A report has emerged that Nigeria is losing $25 billion – N7.5 trillion at the current exchange rate of N305 per dollar – yearly due to irregular electricity supply.
This information is based on a document obtained from the Federal Government by Nigerian Guardian through its Power Sector Recovery Programme.
It is understood that aside this, accumulated power sector cash deficits from January 2015 to December 2016 amounted to N931billion ($2.9 billion).
This is the total amount underpaid by all the distribution companies (Discos) to Nigerian Bulk Electricity Trading Plc (NBET) for invoices submitted to each Disco for electricity delivered to their distribution networks – including losses incurred by the companies due to lack of a cost-reflective end user tariff.
Power sector operators believe that the revenue shortfall will adversely impact the ability of the Discos to make capital investments in metering, network expansion, equipment rehabilitation and replacement that are critical to service delivery.
Nigeria’s economy has been bedeviled by irregular electricity supply due to gas constraint – a challenge that has remained a biggest threat to the economy of Africa’s most populous nation.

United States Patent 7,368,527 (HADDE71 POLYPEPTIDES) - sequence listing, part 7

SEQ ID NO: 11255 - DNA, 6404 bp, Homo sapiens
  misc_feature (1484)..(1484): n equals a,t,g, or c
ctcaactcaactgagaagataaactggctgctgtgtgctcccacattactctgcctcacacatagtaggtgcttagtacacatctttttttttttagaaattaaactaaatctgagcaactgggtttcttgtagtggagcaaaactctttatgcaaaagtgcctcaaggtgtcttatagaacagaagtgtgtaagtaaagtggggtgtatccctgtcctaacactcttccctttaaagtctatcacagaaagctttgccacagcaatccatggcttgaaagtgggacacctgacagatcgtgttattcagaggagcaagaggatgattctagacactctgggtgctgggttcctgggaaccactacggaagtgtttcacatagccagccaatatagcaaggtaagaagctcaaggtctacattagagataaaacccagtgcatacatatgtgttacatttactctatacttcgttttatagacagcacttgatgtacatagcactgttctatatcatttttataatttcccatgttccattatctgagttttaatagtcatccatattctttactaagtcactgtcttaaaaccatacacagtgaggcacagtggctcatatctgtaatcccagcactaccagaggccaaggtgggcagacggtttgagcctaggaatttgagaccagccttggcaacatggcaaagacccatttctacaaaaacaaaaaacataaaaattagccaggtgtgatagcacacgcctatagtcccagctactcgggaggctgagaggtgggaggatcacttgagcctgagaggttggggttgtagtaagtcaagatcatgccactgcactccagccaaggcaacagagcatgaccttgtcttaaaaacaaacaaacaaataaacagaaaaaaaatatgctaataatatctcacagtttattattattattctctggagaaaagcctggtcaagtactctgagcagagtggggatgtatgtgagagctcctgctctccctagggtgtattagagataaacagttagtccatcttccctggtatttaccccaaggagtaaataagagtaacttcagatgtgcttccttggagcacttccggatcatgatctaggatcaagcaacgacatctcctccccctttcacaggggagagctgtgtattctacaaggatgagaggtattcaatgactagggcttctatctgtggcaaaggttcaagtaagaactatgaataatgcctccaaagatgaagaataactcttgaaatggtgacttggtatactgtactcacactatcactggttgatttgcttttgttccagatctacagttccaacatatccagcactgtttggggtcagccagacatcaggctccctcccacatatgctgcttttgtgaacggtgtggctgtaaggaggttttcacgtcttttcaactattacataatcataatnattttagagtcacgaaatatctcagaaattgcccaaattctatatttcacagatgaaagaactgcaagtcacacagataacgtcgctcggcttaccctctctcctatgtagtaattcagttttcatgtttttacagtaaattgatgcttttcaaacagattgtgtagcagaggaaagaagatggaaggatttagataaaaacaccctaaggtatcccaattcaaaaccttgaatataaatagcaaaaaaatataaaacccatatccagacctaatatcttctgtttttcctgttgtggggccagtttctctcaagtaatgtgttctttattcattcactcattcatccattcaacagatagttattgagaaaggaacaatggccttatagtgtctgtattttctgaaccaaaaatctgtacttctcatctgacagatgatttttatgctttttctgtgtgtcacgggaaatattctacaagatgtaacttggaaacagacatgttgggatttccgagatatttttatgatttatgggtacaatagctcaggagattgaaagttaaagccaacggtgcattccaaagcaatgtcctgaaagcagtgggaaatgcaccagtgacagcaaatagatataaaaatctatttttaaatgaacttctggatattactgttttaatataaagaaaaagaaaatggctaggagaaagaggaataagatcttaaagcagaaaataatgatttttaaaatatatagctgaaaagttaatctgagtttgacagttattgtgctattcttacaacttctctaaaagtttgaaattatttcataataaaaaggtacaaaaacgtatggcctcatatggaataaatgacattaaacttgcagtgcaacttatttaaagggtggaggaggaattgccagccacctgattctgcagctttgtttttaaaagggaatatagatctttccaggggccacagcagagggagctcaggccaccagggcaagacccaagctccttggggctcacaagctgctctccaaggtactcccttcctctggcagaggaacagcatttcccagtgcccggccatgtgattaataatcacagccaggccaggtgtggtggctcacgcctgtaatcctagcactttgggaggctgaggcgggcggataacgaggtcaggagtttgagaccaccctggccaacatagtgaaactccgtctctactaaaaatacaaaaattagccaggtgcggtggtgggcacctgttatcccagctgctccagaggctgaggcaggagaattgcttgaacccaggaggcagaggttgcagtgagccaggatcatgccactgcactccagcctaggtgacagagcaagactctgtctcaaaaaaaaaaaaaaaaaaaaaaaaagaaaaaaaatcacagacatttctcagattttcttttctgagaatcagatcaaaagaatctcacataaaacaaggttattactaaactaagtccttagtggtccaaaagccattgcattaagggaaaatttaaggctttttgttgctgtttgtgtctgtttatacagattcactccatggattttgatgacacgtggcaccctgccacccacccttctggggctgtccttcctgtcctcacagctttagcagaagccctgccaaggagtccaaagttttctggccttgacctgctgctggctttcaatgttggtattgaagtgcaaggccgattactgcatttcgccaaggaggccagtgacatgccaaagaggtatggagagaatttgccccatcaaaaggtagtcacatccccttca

For example, on June 2, 2017, average power sent out decreased to 3809Wh/hour, due to gas supply challenges, which constrained about 1718 megawatts of electricity.
A statistics released at the weekend by the Nigerian Electricity Supply Industry (NESI) showed that the reported line constraint was 147.5MW, while constraints resulting from high frequency were 800MW.
It further said that the power sector lost an estimated N1.279 billion on June 2, 2017 alone due to different constraints.
The total gas supply indebtedness of power plants from January 2015 to December 2016 is N155 billion ($500 million). Supply has been erratic and low, resulting in 1,400MW of constrained generation.
The vandalism of oil and gas delivery infrastructure has also shut down gas production, resulting in another 2,900MW of constrained generation.